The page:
It's worked well. Since at a battalion level, which we're playing right now, turns are scaled at only 10 minutes. Thus it takes a minimum of three turns (30 minutes) to get an order from the army commander acted upon (the battalions start advancing). That's not unreasonable for the period. Of course, if one corps is two miles away (72 inches) it will take a while for the corps to respond. The secret, then, is to anticipate, anticipate, anticipate.
Another key feature of the command structure is that rules must be relatively strict: attack to ..., advance to ..., support .... In our game, we've loosened it a bit. Orders must be succinct and clear. We allow some latitude. But orders must be carried out in a manner that's realistic. We use an umpire to interpret whether an order is being carried out. If not, -5 victory points.
Also, we've been experimenting with the first corps on the battlefield: the corp commander isn't pushing his own lead. He receives an order from one the army commander, then passes them on to division commanders. They carry out the advance.
It's quite fun. You watch a division commander interpret your orders--and roll your eyes when he makes some minor mistake. Yet this limitation puts you in the right perspective. Instead of focusing on my battalions, I've been looking at a block of men - divisions - which is where my focus as corps commander should be. I don't care how a division holds a hill. I just want it to hold the hill.
My army commander put it clear: "I'm not going to tell you how to hold your front. You're in the crisis spot, and I expect your corps to get ripped up bad. But if you hold, my other corps will win the battle. So you just do your job - hold the line. Don't worry about anything else."
I've taken that to heart. Standing on the second floor of a nearby inn, I see that my 4th Division is facing a grand battery and an attack column. I could give all kinds of orders to him. But no, I told him to hold the line. How he does it is his business. If he gets into trouble, he can ask for help. Until then, I must keep track of all my divisions. Have I given each the orders they need to carry out the corps' orders? If so, then I only need to respond if something threatens my divisions. I don't worry about brigades and battalions. That's someone else's job.
It's been an eye-opener. In our battle, it's a foggy day - visibility is 15". Beyond that, movement is hidden and tracked on maps. On the first move, the 2nd Corps commander (me) had no idea what was in front of the corps. I ordered my 4th Division commander to advance upon a town and anchor his right flank along the edge of some woods, which fit in with the army commander's plans for the corps to my right.
It didn't work out quite right. It took two turns (20 minutes) to get the orders down to battalion level. Then a Russian cavalry division rushed back from scouting ahead and retreated through my troops, blocking their advance and disordering them. While my troops reorganized themselves, the enemy showed up. I ordered my division to stop and prepare a defensive line. But by the time that order was received by the division commander, however, the troops had resumed their march. It took a total of twenty minutes beyond that to stop the advance. They had moved several hundred yards beyond where I wanted them. But that's war. Command control in those days weren't perfect. And all I need to do is hold the line. I don't need to worry whether the division is 3" or 6" from where I want them.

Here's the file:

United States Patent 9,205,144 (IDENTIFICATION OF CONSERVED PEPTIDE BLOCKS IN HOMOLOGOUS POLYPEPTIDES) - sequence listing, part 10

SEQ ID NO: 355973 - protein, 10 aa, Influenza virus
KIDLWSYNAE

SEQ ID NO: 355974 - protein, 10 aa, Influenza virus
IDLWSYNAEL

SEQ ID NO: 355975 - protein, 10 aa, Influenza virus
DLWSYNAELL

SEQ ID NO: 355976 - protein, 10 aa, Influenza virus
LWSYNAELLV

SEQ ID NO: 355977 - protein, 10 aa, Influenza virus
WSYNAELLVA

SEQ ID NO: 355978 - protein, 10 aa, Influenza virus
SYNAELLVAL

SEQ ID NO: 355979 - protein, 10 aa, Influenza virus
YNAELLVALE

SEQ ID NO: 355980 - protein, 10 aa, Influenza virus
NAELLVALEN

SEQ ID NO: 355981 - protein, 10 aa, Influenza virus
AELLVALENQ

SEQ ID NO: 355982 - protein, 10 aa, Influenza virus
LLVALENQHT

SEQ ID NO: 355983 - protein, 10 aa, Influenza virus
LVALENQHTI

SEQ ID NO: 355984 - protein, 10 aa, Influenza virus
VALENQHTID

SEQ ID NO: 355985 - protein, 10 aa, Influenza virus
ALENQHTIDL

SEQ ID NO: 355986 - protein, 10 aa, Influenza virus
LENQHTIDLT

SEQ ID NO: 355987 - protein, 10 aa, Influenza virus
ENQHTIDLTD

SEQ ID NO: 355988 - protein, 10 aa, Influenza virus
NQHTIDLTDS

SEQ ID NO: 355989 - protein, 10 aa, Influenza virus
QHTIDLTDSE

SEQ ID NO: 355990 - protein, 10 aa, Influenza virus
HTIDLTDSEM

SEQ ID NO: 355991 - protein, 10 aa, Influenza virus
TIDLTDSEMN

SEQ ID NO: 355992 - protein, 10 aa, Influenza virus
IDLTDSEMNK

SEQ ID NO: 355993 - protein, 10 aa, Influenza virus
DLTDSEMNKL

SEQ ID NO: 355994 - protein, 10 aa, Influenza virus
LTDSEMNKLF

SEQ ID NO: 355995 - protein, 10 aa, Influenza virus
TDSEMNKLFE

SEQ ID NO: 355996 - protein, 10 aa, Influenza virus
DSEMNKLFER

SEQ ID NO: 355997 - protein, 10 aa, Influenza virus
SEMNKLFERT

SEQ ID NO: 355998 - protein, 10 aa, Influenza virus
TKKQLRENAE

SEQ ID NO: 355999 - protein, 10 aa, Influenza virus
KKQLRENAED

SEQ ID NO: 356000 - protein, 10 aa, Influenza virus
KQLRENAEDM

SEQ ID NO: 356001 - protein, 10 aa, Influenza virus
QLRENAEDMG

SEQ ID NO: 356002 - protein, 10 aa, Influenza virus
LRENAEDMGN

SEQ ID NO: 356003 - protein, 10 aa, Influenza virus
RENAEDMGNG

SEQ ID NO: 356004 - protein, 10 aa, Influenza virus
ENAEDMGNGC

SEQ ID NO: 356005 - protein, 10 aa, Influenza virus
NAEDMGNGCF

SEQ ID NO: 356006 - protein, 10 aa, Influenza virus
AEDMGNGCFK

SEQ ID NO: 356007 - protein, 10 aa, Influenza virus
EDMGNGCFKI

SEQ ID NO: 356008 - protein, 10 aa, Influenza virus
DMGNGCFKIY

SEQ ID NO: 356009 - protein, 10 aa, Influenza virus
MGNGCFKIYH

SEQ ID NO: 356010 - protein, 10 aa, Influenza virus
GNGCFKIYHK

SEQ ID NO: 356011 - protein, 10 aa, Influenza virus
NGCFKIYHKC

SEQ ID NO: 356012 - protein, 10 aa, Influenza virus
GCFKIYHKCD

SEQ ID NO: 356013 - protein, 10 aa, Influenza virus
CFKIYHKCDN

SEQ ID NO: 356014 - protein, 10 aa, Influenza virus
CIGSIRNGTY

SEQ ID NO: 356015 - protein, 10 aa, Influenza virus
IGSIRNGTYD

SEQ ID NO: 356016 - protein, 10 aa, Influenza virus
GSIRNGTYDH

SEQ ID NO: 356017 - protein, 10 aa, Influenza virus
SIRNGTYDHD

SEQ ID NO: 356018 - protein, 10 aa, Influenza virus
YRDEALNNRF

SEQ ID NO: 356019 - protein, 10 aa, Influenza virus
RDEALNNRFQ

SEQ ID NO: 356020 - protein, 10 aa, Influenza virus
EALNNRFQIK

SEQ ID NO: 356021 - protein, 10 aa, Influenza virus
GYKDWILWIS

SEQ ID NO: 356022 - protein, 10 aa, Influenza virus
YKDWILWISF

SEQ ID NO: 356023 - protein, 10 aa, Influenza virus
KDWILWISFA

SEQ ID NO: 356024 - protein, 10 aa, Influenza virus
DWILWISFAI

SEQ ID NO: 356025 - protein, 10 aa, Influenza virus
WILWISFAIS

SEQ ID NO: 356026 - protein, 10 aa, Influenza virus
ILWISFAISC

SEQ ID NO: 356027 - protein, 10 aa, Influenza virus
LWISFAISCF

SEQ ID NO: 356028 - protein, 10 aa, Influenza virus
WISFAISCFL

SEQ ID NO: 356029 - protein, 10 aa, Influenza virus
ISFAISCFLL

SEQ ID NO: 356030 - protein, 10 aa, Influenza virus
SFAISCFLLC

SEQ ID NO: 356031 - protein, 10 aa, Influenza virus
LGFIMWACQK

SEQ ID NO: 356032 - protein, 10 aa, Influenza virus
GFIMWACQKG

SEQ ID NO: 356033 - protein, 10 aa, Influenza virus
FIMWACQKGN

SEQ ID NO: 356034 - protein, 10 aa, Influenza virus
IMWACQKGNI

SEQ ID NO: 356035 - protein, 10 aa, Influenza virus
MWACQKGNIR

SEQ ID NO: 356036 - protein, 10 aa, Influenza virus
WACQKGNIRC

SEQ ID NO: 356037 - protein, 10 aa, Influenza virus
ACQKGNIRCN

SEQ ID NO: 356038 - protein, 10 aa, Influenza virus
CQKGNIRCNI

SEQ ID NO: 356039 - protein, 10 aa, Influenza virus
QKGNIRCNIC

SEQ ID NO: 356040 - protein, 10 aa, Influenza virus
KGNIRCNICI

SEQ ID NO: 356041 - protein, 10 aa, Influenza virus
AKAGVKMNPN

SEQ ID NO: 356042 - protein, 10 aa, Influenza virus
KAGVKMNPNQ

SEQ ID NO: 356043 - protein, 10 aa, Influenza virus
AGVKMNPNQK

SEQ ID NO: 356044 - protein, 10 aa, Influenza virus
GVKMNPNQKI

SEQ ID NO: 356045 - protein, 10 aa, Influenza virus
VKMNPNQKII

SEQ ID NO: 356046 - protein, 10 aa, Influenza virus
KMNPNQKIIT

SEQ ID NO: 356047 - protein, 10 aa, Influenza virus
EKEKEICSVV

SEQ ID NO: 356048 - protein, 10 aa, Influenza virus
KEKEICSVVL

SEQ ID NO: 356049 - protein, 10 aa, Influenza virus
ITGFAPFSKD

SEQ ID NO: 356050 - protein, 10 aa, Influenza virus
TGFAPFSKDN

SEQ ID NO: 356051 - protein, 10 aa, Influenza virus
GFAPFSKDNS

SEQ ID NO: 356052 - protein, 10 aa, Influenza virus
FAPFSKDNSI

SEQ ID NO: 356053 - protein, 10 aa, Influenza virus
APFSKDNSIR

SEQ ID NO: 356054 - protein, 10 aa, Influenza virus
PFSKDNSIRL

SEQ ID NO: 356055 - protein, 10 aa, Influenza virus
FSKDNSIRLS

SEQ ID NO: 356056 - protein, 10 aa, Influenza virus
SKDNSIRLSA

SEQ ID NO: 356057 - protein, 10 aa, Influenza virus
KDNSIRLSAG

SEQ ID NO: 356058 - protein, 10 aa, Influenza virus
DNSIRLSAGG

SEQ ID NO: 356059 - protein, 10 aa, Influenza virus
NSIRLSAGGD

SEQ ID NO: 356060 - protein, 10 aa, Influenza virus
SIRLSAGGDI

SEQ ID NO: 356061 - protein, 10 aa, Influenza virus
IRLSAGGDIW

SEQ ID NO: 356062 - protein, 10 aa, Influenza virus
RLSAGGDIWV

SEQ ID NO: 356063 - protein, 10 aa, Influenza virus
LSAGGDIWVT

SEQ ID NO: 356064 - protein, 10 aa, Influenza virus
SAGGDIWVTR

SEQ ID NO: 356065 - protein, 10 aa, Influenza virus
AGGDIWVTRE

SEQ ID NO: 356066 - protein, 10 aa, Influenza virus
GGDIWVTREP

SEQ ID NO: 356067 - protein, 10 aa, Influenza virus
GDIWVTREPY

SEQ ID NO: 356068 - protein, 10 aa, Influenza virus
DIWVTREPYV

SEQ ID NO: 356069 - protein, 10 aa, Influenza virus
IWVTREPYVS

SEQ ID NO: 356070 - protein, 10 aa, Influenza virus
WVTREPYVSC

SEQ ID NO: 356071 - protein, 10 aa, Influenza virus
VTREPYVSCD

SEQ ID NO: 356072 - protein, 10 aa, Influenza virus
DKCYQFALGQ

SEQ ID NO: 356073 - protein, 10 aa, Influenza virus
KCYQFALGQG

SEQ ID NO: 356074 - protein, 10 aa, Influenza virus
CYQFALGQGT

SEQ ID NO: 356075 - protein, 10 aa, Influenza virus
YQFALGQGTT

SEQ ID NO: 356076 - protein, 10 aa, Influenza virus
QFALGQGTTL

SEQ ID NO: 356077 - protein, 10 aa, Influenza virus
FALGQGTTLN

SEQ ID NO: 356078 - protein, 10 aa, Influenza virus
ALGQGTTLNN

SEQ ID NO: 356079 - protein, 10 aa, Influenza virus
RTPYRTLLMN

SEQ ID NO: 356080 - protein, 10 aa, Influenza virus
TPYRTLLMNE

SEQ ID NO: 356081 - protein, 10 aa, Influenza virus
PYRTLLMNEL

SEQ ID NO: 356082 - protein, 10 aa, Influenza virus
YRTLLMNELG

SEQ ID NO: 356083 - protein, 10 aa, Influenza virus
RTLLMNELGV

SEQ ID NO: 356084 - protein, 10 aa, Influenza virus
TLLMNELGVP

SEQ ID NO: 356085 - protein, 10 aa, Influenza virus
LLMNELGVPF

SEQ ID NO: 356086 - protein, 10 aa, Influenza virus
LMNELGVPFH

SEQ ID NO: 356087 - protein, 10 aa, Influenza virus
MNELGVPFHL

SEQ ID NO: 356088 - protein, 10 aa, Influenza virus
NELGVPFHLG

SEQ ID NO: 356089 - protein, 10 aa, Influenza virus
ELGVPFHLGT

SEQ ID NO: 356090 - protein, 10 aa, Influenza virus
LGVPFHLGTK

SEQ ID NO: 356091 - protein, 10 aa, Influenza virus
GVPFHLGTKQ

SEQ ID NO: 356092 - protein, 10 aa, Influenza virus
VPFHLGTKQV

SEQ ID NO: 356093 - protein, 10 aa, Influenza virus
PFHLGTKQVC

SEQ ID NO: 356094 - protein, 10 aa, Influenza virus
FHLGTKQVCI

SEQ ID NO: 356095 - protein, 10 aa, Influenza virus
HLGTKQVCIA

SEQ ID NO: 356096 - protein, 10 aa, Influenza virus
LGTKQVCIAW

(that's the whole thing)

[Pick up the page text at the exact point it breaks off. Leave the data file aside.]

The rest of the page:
So far, it's been a blast. Because the turns only represent ten minutes, the lag time (in turns) for commands to be obeyed isn't unreasonable. Indeed, after six turns (an hour), I had managed to move my troops about the same distance as I could have in two turns (an hour) in Napoleon's Battles.
But there is a significant difference. In Napoleon's Battles, you can instantly throw a brigade at a critical juncture - a guided missile. But with Fields of Honor command rules (as we interpret them), such an opportunity can easily pass by before you can respond. Victory depends upon a sound plan that involves maneuvering corps and divisions, even if the battalions actually carry out the fighting.
One other note: Cavalry ain't the superpower that it is in Napoleon's Battles. You charge a line straight in, and it probably will massacre you. You will cause casualties. You might even rout the unit. But with the firepower and troop density of a battalion, attacking with a few hundred horses ain't pretty. Cavalry is best used to harass the flanks, strike from the flanks, and pick off shaken and routed units. Thus you get more infantry fire fights, which has a realistic feel. But then again, it's best not to underestimate the power of horseflesh. Cavalry used well can turn the tide.
I'm not trying to knock Napoleon's Battles. I've played it almost every week for two years. But there's real potential in Fields of Honor.
Anyway, it's worth taking a look at. My gaming group is stunned at the "atmosphere" we're getting from our current battle. It has a good feel - what's happening seems to fit in with our reading of real Napoleonic battles.
If you would like to add your opinion to this webpage, use the following form or send email to the editor.
|6 May 1999||comments by Frank Frey|
|21 April 1999||comments by Shane Hensley|
comments by Jan Wybesse Stiles Spoor
comments by John Lloyd Retzer
|20 January 1999||added Rob's comments|
|22 October 1998||added Chris's comments|
|17 October 1998||added Bob's comments|
|Comments or corrections?|